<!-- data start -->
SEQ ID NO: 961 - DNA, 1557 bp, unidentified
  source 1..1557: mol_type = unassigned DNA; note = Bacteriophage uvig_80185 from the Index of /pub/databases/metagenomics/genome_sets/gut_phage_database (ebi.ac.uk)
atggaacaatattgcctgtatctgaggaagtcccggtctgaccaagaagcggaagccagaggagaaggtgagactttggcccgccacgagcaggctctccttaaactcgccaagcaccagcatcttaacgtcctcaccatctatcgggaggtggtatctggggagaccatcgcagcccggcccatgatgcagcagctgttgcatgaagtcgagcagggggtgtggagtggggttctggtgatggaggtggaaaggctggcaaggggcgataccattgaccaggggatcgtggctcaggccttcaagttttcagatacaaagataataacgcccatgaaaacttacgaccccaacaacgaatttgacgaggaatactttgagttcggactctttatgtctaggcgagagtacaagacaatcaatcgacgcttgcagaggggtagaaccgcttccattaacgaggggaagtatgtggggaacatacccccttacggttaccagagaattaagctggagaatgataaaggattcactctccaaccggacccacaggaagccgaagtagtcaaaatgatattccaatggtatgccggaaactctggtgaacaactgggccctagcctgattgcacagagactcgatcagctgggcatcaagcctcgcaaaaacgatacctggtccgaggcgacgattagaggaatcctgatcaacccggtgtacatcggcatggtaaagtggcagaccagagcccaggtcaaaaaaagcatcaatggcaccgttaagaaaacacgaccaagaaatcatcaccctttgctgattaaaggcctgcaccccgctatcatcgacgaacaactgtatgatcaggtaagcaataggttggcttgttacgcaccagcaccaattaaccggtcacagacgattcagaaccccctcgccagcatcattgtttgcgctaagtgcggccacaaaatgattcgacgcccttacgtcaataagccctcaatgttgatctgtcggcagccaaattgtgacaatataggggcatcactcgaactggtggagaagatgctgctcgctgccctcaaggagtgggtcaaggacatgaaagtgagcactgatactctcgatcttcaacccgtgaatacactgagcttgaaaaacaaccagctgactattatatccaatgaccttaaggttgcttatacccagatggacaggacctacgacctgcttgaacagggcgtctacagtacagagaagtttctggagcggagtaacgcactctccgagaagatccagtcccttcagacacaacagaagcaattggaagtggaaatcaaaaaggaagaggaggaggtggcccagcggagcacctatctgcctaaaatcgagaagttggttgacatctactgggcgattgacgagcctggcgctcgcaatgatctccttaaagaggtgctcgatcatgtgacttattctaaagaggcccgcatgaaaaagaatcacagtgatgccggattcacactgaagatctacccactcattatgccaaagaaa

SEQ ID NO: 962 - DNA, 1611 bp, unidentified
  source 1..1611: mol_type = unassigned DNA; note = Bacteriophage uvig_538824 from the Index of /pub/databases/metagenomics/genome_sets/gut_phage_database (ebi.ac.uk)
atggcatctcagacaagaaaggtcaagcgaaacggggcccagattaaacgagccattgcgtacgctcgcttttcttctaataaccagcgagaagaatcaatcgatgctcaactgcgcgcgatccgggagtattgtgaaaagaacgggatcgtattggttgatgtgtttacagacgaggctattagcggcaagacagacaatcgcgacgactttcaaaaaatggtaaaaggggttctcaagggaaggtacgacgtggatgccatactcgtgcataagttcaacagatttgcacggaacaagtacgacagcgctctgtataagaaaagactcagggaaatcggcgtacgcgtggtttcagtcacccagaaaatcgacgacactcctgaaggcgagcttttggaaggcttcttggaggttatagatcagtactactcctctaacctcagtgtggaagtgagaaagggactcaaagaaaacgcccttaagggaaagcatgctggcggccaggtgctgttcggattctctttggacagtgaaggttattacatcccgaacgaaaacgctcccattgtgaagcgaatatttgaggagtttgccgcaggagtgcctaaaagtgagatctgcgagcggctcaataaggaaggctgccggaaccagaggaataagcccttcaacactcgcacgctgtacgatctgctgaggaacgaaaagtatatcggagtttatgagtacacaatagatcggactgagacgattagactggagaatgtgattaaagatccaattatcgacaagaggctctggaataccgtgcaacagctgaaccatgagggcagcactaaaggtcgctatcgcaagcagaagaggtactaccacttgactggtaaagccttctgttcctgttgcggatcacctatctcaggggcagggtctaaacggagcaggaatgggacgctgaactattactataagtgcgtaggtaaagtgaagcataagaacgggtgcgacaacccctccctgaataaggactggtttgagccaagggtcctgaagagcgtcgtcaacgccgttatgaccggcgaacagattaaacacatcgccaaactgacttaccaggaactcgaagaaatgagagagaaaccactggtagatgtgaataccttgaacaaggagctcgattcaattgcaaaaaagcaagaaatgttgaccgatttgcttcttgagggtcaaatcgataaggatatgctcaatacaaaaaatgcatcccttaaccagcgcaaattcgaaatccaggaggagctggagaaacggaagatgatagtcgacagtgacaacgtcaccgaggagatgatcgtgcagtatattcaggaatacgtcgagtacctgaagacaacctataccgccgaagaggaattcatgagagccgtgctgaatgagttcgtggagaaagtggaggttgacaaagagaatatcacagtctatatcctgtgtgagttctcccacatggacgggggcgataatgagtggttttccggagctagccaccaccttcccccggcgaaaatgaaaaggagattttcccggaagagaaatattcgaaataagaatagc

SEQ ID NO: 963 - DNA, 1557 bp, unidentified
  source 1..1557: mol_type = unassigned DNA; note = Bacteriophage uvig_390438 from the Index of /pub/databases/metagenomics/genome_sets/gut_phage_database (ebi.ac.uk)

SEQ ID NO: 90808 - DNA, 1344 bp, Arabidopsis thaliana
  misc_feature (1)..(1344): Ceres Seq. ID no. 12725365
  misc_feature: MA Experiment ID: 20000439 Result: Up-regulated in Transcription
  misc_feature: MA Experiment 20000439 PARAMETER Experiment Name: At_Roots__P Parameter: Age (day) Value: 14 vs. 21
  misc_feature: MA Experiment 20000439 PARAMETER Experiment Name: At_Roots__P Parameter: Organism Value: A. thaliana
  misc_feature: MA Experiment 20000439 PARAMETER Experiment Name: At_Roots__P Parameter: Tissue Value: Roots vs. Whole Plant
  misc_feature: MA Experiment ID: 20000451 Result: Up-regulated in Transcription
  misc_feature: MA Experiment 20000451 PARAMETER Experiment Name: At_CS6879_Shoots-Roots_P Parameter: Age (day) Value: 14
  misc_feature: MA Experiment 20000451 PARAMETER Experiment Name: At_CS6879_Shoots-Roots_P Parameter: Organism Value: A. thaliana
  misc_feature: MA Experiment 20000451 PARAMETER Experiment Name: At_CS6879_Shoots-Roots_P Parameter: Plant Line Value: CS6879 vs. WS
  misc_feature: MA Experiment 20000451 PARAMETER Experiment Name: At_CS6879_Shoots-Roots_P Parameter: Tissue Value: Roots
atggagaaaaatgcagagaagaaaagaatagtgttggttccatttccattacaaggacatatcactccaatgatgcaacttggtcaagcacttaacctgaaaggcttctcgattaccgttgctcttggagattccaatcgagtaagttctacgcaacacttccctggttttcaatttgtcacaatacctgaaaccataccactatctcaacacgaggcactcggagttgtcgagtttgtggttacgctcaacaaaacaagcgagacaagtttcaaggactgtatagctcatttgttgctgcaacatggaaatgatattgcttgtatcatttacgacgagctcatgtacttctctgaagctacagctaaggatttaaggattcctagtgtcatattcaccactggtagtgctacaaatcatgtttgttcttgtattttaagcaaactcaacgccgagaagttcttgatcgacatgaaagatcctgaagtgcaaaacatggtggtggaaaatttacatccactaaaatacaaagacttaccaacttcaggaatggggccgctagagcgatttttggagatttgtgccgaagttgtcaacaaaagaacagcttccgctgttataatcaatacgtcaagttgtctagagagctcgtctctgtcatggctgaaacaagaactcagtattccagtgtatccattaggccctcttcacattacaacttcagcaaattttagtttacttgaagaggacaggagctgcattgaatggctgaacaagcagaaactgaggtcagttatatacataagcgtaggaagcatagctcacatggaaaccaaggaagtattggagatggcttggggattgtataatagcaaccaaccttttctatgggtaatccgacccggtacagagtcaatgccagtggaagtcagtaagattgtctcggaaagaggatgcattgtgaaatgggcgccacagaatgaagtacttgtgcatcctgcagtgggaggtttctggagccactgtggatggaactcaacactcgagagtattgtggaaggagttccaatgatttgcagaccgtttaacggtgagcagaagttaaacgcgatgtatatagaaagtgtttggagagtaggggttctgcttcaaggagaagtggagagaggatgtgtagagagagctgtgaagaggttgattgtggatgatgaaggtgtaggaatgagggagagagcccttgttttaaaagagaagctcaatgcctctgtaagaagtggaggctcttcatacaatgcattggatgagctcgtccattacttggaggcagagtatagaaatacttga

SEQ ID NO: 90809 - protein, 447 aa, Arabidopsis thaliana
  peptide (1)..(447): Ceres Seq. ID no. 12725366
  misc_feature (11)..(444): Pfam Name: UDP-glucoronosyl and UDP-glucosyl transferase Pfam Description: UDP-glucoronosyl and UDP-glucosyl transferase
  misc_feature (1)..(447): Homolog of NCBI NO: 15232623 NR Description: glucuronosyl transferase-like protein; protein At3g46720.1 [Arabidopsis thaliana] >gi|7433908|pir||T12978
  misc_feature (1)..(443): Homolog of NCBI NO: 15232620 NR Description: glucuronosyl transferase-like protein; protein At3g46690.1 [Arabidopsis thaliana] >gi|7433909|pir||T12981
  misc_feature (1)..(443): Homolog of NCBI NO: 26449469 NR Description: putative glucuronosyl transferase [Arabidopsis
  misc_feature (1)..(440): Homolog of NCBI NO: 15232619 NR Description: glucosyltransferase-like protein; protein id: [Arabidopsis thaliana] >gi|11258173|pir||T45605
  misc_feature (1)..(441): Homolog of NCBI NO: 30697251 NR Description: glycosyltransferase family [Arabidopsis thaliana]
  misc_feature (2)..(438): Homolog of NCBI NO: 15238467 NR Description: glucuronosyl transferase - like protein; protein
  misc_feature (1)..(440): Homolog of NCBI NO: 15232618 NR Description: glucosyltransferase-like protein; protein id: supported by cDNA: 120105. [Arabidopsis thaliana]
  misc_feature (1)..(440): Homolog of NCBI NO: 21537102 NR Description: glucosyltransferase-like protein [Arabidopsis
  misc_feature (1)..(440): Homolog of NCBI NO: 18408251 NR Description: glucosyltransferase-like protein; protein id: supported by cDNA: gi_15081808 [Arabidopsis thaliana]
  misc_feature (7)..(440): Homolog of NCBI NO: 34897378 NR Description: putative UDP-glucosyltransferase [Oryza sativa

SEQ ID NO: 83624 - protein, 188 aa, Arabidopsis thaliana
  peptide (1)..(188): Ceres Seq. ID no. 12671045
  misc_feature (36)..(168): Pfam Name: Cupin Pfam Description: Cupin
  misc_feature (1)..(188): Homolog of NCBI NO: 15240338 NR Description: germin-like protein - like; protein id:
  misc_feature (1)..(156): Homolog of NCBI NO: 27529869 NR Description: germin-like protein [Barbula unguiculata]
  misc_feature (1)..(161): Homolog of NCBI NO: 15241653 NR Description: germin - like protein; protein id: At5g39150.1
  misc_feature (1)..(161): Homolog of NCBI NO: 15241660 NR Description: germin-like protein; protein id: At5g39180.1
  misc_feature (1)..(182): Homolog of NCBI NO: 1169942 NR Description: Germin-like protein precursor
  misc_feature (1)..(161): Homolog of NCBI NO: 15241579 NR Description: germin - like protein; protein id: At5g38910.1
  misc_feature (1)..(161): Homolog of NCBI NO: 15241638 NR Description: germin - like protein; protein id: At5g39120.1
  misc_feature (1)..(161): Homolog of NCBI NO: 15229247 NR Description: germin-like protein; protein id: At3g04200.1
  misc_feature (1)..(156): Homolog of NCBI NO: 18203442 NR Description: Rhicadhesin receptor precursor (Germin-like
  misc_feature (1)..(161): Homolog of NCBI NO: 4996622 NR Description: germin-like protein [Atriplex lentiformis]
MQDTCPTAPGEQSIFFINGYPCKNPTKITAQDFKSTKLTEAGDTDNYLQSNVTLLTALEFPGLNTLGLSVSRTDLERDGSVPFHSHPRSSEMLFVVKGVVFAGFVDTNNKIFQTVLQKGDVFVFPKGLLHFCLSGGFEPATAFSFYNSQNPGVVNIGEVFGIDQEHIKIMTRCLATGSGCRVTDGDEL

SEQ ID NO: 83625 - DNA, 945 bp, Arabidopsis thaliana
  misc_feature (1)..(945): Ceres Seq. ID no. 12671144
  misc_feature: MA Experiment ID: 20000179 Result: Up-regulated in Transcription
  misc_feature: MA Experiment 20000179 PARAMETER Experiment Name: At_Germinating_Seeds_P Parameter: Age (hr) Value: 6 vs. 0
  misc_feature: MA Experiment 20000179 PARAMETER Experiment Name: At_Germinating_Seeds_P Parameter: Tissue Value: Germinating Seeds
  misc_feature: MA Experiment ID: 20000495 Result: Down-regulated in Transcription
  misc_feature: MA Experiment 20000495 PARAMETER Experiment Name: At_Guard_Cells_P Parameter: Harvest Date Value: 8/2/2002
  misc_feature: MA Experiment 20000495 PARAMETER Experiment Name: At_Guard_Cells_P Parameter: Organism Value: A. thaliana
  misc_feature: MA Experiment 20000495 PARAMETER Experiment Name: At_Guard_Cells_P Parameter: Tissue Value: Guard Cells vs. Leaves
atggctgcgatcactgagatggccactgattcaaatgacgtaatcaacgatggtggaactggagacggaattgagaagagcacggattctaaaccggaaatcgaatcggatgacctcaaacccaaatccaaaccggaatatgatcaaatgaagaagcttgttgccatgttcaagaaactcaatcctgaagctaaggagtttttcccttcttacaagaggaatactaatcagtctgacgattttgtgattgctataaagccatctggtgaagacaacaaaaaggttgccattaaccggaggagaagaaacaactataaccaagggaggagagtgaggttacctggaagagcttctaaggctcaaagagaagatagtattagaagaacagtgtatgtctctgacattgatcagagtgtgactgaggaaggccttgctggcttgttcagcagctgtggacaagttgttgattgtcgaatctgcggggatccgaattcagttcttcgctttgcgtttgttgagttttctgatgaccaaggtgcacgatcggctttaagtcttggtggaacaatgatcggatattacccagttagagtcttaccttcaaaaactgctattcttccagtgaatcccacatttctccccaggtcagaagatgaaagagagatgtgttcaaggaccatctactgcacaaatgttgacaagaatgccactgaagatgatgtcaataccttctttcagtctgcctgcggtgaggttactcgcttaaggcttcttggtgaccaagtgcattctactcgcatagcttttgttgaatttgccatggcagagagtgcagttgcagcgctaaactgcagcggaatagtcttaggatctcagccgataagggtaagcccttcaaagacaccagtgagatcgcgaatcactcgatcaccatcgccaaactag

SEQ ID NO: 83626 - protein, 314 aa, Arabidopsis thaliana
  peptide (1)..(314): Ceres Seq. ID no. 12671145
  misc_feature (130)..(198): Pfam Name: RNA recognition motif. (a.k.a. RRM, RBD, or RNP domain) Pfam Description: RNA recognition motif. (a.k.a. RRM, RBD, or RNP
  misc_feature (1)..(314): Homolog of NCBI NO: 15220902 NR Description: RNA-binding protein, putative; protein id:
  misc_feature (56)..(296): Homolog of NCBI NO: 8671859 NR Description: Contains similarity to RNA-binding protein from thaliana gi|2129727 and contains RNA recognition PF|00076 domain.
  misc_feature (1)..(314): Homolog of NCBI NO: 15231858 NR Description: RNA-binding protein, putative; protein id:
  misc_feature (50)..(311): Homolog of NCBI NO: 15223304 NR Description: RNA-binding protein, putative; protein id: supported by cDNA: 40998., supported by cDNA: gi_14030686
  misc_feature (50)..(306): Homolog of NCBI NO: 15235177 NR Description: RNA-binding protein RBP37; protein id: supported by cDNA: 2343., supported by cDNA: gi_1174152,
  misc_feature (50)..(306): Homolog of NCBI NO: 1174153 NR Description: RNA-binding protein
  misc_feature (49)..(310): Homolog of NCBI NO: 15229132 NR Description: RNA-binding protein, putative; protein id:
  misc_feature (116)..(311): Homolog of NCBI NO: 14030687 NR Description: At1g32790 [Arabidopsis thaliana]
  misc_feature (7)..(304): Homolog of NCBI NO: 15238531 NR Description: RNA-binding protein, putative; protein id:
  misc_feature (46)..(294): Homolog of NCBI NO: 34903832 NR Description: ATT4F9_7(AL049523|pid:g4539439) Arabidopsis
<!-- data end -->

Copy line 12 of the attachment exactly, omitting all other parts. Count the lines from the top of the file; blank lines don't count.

  misc_feature: MA Experiment 20000439 PARAMETER Experiment Name: At_Roots__P Parameter: Age (day) Value: 14 vs. 21